After last week’s post, I received a lot of kind words from the X-Wing community. Harrison Sharp offered me the spare bed in his hotel room, and Dale Cromwell offered to write me a list if I needed it. I was genuinely touched by the overall positive response, and the responses I’d seen to other people in situations where they needed tiles, cards or models to borrow the event proves that the X-Wing community is Good People.

Which is why this whole situation is making me feel a little low:

In order to do something a little different (i.e. not Resistance 5s or Trip-70s), I’d chosen to fly two T-70s and an RZ-2 in what has become colloquially known as the “Danger Zone” list. The first game I played with it, against fellow TNX-member Ian, I went 200-0 against his two T-70s and two RZ-2s. Since then, it’s been battering after battering. Five games, four defeats (three of them pretty crushing).

The irritating thing, is that I don’t think it’s the list, which I will post here:

Poe Dameron:
– Heroic
– R4 Astromech
– Proton Torpedoes

Nien Nunb:
– Heroic
– Pattern Analyser
– Black One

L’ulo L’umpar:
– Heroic
– Trick Shot

It comes in at 187, and is fun to fly (though I need to remember whose dial is whose, I keep giving Poe an RZ-2 dial). I just keep screwing it up! I either commit too early, or don’t commit hard enough, and end up getting hurt for it. Fights that in my head, at least, I know I can win (or indeed should win) are turning into defeats based on my over-aggressiveness or possible incompetence.


One of the problems with the list, the glaring weak spot that isn’t my flying ability, is L’ulo. He wants to be stressed, and yet this is the sharpest of double-edged swords. Three dice primary, two agility dice. He goes from being a nimble arc-dodger/flanker to a glorified Z-95 just from one little red token. Fellow TNX member Jake is flying five RZ-2s, and his advice is to not stress L’ulo. Now if that’s the case, why take him over Tallie, who is cheaper?


Dropping L’ulo for Tallie and giving her Heroic and Trick shot drops me down to 183 points; not quite Dale Cromwell’s 181 or PhilGC’s absolutely ludicrous 177. If I felt like it, I could give Nien Torpedoes. At 187, I could anyway, thinking about it… I’m beginning to wonder whether maybe I should stop pretending to be an ace player, which apparently I am not, and just use the high-Initiative pilots as blunt instruments to bludgeon my opponent’s ships to death with; like my Rebel Alpha Strike list.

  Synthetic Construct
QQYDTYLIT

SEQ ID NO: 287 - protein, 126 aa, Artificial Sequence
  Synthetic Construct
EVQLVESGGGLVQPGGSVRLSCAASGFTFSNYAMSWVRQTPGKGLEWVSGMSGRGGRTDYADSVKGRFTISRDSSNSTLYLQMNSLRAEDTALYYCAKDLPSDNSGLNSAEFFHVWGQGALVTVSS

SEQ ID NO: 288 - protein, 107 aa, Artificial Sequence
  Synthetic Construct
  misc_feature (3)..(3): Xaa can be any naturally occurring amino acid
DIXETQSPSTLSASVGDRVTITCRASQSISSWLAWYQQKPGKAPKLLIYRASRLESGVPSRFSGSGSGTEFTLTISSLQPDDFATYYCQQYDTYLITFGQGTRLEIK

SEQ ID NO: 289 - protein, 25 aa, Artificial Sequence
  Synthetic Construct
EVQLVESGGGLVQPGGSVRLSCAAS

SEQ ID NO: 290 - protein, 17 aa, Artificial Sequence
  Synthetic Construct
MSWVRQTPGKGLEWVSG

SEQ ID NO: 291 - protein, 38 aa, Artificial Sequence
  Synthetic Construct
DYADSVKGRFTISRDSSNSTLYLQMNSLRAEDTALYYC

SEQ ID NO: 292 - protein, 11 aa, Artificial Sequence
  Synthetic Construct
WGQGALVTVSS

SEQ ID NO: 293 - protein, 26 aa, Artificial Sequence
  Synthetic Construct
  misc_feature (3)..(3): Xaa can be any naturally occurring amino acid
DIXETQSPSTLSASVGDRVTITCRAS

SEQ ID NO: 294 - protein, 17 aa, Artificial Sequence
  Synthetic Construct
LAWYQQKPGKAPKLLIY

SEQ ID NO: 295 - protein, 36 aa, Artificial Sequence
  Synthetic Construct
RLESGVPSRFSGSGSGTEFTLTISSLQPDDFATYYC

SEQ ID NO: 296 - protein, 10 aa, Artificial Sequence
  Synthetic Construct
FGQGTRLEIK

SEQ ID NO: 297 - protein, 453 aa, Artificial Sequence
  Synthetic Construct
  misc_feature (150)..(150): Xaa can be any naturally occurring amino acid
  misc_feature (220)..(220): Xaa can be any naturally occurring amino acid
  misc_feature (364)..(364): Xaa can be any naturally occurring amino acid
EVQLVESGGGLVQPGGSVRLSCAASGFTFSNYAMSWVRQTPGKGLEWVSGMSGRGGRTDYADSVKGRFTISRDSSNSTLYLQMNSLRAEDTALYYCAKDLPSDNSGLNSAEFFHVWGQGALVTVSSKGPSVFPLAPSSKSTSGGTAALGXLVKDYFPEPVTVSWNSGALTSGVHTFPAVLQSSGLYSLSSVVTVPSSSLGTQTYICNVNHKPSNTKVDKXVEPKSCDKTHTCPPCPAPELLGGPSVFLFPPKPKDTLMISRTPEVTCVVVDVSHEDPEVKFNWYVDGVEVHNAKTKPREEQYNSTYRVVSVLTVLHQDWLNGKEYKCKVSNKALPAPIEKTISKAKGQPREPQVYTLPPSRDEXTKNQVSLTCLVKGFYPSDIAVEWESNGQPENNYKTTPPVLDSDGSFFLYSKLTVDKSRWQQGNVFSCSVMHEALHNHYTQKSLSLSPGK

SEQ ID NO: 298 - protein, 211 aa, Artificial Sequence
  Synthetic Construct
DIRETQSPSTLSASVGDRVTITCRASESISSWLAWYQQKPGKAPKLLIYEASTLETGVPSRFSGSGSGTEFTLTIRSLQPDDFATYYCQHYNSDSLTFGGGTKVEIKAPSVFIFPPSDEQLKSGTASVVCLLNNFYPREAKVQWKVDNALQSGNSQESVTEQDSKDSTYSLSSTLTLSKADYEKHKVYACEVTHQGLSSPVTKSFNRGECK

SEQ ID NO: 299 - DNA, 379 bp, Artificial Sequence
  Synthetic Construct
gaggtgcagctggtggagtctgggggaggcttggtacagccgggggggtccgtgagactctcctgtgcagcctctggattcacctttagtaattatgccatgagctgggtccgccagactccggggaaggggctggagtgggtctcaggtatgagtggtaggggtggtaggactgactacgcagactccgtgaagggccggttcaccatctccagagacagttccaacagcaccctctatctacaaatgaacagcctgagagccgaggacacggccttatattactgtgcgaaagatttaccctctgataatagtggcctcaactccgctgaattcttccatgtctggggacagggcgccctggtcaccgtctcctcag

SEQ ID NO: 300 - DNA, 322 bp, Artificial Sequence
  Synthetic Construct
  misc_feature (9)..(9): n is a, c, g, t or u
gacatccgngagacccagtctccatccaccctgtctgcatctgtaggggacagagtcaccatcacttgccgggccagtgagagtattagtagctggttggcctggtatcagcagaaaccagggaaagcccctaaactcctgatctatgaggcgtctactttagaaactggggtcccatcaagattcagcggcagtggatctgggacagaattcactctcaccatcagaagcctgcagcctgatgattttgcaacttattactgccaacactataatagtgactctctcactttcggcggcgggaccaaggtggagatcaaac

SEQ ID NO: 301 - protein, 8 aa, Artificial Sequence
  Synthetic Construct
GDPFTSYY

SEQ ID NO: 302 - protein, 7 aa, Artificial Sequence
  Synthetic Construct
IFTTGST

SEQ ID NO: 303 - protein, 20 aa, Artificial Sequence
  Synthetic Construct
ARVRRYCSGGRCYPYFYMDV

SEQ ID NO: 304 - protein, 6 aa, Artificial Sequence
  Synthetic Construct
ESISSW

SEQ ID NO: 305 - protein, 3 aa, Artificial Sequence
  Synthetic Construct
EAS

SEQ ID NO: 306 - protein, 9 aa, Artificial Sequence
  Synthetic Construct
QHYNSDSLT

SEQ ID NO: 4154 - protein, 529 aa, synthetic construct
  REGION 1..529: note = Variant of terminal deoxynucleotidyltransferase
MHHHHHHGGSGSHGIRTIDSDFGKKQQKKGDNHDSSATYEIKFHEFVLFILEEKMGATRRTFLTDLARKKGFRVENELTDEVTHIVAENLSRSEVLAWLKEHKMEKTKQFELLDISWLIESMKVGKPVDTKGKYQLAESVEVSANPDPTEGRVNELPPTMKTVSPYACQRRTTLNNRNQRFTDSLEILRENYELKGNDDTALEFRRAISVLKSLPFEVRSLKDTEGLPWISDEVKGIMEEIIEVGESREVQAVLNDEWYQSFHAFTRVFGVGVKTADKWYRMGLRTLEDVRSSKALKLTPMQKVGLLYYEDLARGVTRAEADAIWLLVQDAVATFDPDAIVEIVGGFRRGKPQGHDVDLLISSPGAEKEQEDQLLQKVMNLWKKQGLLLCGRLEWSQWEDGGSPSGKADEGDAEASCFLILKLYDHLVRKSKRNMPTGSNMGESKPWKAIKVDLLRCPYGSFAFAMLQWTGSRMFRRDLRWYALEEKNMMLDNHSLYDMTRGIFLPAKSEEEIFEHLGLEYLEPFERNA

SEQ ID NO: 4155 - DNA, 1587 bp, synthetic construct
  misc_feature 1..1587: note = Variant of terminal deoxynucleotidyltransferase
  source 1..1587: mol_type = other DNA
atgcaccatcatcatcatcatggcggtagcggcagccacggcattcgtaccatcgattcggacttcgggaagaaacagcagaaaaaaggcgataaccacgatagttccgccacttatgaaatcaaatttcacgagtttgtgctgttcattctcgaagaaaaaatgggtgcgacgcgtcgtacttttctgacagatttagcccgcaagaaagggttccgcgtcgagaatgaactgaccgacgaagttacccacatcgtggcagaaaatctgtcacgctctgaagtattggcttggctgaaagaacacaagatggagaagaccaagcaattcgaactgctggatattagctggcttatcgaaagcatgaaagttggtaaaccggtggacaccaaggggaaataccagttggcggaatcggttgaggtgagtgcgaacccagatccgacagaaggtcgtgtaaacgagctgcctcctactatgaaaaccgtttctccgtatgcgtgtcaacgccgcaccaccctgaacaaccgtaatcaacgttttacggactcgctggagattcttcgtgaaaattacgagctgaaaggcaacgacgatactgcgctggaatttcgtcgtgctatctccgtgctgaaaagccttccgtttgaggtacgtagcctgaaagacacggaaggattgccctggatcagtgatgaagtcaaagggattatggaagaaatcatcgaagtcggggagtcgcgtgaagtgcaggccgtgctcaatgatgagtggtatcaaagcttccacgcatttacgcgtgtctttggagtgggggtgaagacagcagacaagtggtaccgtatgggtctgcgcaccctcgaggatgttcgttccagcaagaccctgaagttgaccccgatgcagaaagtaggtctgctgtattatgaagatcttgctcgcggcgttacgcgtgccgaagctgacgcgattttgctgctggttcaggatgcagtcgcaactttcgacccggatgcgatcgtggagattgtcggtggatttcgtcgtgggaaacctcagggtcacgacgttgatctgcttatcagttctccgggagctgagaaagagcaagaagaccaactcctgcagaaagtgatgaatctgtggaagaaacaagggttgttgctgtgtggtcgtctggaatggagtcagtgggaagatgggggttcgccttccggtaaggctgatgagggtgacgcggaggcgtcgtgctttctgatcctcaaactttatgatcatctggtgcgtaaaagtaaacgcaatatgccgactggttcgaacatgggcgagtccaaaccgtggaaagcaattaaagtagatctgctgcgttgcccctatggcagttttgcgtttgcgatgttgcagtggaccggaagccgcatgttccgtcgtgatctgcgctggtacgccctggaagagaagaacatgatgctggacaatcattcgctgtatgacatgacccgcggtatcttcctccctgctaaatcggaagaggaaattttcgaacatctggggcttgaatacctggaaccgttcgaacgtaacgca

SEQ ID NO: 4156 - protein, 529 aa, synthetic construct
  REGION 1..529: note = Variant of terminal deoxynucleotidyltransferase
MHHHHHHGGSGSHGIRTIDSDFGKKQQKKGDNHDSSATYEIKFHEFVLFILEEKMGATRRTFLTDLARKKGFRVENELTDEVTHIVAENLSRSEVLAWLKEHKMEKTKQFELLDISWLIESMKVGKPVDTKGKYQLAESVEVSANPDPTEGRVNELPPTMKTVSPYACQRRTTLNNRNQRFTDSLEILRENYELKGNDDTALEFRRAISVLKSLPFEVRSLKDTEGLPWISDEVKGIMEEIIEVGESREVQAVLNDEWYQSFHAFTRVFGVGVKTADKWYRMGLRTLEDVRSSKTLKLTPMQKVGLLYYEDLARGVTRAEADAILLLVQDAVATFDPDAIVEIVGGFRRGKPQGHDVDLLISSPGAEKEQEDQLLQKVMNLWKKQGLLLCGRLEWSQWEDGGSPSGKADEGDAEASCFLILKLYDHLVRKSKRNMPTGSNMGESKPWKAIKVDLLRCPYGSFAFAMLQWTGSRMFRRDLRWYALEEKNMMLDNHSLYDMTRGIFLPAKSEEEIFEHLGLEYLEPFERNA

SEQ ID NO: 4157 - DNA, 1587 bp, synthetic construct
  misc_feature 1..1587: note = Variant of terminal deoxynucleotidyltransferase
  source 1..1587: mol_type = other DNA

On the other hand, maybe I’m reading too much into this? Of the 600+ players at the System Open, I expect there’ll be something along the lines of 200 Average players, 200 Below-Average players, and 200 Above-Average players. If I’m lucky and only get matched against fellow Average and Below-Average players, I might stand a chance. If I get matched against some Above-Average players, I might be able to learn something.

Ultimately, it’s too late in the day to start making changes (though I may drop Trick Shot from L’ulo and run at 185). As I grow more comfortable with the list, I might improve. And as I said in my last entry, the goal is that fancy frosted Norra Wexley card. I can lose eight games running and get that (though alcohol may be required for that to be an acceptable outcome!)

I now need to pack my bag ready for tomorrow, get together the bits a squadmate is borrowing, and print out my lists. I think I’ll watch Carson Wray’s version of the list (HLC and Afterburners on an Elusive Nien) vs Dee Yun’s TIE Swarm for ideas of how to engage properly with this list!

I remain optimistic about the weekend; not about the victories, as I know I’m not made of the material that Hyperspace or Open Champions are made of, but of the fact the event will be a chance for eleven games of X-Wing with friends I’ve known for years and friends I’ve not yet met.

Thanks for putting up with this demi-rant, and I hope to see many of you bright and early on Saturday!